Traveling around this Southeast this summer, I saw quite a few yard signs registering opinions about drilling and pipelines. Last month, PACE filed comments supporting an expanded federal offshore oil and natural gas leasing program.
Onshore energy projects, such as the Atlantic Coast (ACP) and Mountain Valley (MVP) pipelines also bring value to consumers. Both have been extensively studied and are now working through exhaustive reviews and approvals. Unsurprisingly, the projects are also targets for well-funded opposition campaigns from environmental groups.
The ACP would run about 600 miles starting in West Virginia, extending into Virginia and down to North Carolina. Four shareholder-owned utilities are project partners: Dominion Resources, Duke Energy, Piedmont Natural Gas, and Southern Company Gas. The MVP would extend just over 300 miles from West Virginia to southern Virginia. Partner companies include NextEra US Gas Assets, and Con Edison Transmission.
Both projects have undergone extensive federal and state environmental reviews and multiple rounds of public comments. Each received a final Environmental Impact Statement (EIS) from the Federal Energy Regulatory Commission (FERC). The ACP now awaits approval from North Carolina, where a decision has been delayed until December and may have to revisit water quality permits in West Virginia. Earlier this month, West Virginia also backtracked on its water quality approvals for the MVP.
These delays are lamentable, but not surprising, as environmental groups have mounted vociferous protests all along the way. Well-funded campaigns have raised a host of technical and rhetorical arguments. Some say there’s not enough demand for the natural gas they’ll deliver. Others assert that the privately-owned companies are greedily grabbing private property. Still others label natural gas as a “dirty fuel” and ding the pipelines for diverting our society from the pursuit of renewable energy.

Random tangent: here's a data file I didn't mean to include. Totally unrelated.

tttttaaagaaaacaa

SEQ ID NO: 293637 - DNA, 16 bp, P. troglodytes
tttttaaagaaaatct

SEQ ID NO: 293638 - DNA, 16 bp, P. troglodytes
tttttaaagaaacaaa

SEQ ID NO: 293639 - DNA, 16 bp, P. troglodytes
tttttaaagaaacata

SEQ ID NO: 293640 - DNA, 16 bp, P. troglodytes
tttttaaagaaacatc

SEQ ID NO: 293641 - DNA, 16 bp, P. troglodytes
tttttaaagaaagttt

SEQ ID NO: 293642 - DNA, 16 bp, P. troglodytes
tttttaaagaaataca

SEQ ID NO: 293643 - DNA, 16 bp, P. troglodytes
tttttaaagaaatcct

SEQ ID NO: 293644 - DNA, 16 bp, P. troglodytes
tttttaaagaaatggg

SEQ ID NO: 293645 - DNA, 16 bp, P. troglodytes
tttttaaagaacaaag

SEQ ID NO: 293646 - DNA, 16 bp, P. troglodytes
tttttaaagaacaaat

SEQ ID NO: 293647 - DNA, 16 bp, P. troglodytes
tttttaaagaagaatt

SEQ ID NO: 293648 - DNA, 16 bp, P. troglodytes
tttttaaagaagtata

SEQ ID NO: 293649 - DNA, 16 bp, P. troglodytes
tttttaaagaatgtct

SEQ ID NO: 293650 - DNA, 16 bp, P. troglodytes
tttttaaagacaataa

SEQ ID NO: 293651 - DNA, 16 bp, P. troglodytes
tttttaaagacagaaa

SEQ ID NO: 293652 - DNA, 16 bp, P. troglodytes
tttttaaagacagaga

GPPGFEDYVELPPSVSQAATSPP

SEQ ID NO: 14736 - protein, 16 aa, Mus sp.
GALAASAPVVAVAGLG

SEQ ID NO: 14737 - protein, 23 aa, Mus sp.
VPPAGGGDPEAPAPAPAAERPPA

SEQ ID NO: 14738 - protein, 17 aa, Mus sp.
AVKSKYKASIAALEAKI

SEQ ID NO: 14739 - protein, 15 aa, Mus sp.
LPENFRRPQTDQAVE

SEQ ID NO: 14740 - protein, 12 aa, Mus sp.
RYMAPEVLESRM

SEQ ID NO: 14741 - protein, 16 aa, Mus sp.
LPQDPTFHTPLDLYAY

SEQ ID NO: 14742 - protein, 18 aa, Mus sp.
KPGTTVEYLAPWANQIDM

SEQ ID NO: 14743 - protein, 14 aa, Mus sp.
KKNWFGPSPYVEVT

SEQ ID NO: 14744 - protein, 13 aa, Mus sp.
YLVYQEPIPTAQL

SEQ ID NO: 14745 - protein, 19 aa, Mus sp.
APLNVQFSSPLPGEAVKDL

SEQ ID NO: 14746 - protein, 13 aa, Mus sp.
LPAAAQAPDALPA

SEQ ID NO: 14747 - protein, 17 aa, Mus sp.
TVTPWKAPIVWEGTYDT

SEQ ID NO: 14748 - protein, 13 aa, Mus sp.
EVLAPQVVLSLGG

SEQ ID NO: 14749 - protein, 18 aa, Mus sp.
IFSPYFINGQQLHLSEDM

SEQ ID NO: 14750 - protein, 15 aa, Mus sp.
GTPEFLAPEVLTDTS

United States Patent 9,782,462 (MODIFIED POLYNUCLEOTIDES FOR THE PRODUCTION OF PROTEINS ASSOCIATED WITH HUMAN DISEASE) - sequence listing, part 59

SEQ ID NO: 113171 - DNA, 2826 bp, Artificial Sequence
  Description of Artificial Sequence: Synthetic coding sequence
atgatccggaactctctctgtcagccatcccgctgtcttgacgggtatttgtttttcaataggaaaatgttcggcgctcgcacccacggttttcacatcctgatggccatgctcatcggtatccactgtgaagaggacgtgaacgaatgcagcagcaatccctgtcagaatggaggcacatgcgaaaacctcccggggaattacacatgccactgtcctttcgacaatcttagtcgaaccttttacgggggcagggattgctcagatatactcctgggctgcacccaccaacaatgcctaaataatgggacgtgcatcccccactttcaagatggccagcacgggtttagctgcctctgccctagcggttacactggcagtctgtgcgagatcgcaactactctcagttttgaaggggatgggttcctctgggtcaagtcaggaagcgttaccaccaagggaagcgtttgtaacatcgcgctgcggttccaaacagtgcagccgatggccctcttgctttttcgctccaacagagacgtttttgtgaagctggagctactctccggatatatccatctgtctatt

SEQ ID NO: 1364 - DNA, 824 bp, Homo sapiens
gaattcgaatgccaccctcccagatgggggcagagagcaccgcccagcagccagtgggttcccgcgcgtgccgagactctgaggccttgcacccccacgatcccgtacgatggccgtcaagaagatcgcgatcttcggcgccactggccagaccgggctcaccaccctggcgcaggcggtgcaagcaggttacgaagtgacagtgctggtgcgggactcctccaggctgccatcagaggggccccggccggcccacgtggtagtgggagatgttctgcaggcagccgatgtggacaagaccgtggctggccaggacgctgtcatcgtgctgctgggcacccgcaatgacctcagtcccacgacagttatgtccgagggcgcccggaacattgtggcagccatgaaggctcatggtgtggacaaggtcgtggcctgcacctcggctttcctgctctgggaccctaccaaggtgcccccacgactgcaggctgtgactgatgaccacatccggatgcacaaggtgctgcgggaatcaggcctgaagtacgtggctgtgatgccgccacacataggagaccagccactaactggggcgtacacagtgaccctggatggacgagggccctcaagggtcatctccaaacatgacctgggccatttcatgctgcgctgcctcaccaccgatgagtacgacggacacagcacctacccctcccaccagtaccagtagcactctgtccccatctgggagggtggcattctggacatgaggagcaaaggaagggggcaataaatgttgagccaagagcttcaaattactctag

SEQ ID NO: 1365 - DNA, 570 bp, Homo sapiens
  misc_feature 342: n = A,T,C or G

The faces, voices and high-production-value videos of lush rural mountain scenes make for compelling story-telling. Undoubtedly, many landowners and community members have questions and concerns, as evidenced by the thousands of public comments submitted to state and federal officials. It’s likely that some had tough conversations with local project representatives about access to lands and construction timelines.
While I can’t link to a video here, if I could, it would deliver up some facts and voices that tell a different tale. First and foremost – natural gas will be part of our domestic energy mix for decades to come. It’s misleading to the citizens of these states to suggest otherwise. Both projects are a response to market signals, received over the past decade-plus, and boosted by some of the very same environmental groups now lodging complaints, to shift away from coal to natural gas.
Furthermore, if you like clean renewable power, then you by default like natural gas. Natural gas backs up renewables and provides power when the wind isn’t blowing and the sun drifts behind a cloud, or sinks over a beautiful mountain top. Electric vehicles carrying visitors to the Appalachian Trail, or the region’s national forests, will be charged with electrons generated by natural gas. So, even when overall load growth is low or flat, the demand for natural gas will increase.
As to “land grabs,” how did light and power come to isolated Appalachia and rural mid-Atlantic counties decades ago? Through the responsible exercise of eminent domain and often, the engaged participation of citizens who wanted better prospects for their region. After construction, many of the affected “swaths” (usually about 50 feet wide) will have pipeline segments underground.
As debate continues in North Carolina and West Virginia, more videos and testimonials will emerge. But the mountain of facts about our country’s reliance on natural gas will remain, as will the need for all the region’s consumers and businesses to access affordable, abundant and clean energy.